The age-old barter system is back along the Sino-Indian border but with a twist as Indian traders smuggle daily needs into Tibet in exchange for fancy Chinese goods through the Line of Actual Control.
The area — Changthang — is located southeast of Ladakh and has been a haven for smugglers who carry essential commodities like rice, wheat, vegetables having longer shelf-life, cigarettes and “bidi” and cooking oil.
And in return, the Indian smugglers flood the market with Pashmina shawls, Chinese crockery, toys, electronic items and blankets, say civil and military officials in Ladakh area.
According to these officials in this Himalayan township, before last year’s Olympics in Beijing, the Chinese had set up two temporary shelters in Dumchele area opposite to India’s Changthang area where traders from both sides assembled and exchanged goods to the tune of several crores of rupees.
Some of the officials also feel that smuggling was being allowed by the Chinese because it was difficult for them to maintain the essential supplies to western Tibet area from the mainland.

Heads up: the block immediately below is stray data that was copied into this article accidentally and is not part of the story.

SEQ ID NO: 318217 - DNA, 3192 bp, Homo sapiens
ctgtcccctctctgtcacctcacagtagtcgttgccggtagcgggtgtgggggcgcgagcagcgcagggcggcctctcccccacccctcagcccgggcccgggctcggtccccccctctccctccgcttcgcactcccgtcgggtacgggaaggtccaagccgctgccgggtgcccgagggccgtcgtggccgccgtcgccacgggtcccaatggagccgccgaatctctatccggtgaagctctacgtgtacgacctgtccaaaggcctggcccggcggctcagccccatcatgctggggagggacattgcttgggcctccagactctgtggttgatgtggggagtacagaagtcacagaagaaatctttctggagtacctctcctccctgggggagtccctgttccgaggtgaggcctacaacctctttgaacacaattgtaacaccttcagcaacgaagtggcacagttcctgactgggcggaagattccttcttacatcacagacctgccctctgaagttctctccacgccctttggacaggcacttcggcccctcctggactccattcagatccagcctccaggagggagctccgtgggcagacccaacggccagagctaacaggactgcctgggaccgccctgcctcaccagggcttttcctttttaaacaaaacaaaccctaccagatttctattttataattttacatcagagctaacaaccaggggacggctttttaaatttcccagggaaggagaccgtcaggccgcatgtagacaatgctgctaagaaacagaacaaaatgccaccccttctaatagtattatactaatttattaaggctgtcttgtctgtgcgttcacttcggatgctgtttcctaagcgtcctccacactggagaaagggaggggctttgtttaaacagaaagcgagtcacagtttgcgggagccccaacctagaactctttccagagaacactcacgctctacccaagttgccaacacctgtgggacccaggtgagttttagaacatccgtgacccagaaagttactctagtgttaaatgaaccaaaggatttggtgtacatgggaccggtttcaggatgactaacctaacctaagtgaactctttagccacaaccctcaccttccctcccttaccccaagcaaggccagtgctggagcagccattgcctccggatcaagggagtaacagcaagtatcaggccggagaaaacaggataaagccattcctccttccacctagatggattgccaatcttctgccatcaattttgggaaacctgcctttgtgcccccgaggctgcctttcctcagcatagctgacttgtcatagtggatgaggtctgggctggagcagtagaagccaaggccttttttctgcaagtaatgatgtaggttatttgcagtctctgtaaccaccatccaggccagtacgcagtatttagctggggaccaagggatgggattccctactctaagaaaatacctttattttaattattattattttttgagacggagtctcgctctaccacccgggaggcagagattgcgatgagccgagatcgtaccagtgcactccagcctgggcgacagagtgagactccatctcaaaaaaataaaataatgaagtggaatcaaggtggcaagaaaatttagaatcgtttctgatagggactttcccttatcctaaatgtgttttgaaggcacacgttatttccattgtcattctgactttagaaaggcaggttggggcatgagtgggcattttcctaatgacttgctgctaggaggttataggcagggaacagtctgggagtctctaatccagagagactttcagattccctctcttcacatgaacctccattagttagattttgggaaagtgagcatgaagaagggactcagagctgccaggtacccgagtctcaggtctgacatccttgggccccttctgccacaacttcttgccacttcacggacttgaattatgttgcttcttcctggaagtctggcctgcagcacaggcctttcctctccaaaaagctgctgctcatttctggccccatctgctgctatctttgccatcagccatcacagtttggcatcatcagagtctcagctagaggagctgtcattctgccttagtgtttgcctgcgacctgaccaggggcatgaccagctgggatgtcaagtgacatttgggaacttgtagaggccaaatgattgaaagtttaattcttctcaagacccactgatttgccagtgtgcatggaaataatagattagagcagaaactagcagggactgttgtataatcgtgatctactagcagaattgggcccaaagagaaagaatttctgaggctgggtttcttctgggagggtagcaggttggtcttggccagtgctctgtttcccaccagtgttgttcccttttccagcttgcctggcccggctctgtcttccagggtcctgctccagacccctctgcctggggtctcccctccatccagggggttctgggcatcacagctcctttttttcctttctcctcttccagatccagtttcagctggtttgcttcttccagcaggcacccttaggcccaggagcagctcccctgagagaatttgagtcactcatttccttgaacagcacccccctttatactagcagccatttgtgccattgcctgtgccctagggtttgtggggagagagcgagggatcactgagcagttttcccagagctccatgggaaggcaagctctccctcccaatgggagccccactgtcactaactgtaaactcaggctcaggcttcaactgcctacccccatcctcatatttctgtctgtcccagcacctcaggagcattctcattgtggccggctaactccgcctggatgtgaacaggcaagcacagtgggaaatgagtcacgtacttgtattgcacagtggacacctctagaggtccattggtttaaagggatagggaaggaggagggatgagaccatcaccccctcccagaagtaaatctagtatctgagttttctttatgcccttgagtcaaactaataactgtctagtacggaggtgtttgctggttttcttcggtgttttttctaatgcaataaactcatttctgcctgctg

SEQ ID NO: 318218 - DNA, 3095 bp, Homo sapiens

As the Tibetan protests grew during the Olympics, the Chinese closed down this facility and sealed the borders, thus paving the way for smugglers from both sides to operate in a major way on barter system.
Though the Indo-Tibetan Border Police (ITBP) and army have been trying to clamp down on these smugglers, but they also admit that it is difficult to curb it because of hundreds of mountain passes which are difficult to man.
Some of the officials, speaking on the condition of anonymity, also alleged that a tightened crackdown always saw political intervention by Ladakhis who have been asking the security personnel to allow this trade to carry on as it was the mainstay for many people.
Recently, the customs set up a check post at Nyoma and initiated a crackdown on the traders carrying the smuggling racket but not much has been achieved.
Changthang is a high-altitude plateau in western and northern Tibet extending into southeastern Ladakh, with vast highlands and giant lakes.
From eastern Ladakh, Changthang stretches approximately 1,600 km east into Tibet, as far as the province of Qinghai. All of it is geographically part of Tibetan plateau. It is also the home of the Changpa nomads.
The people of the Changthang are nomadic pastoralists, they are known as Changpa for Northerners or Drukpa for nomads in Tibetan. As of 1989, there were half a million nomads living in Changthang.
Unlike many other nomadic groups, the Changpa are not under pressure from settled farmers as the vast majority of land they inhabit is too inhospitable for farming.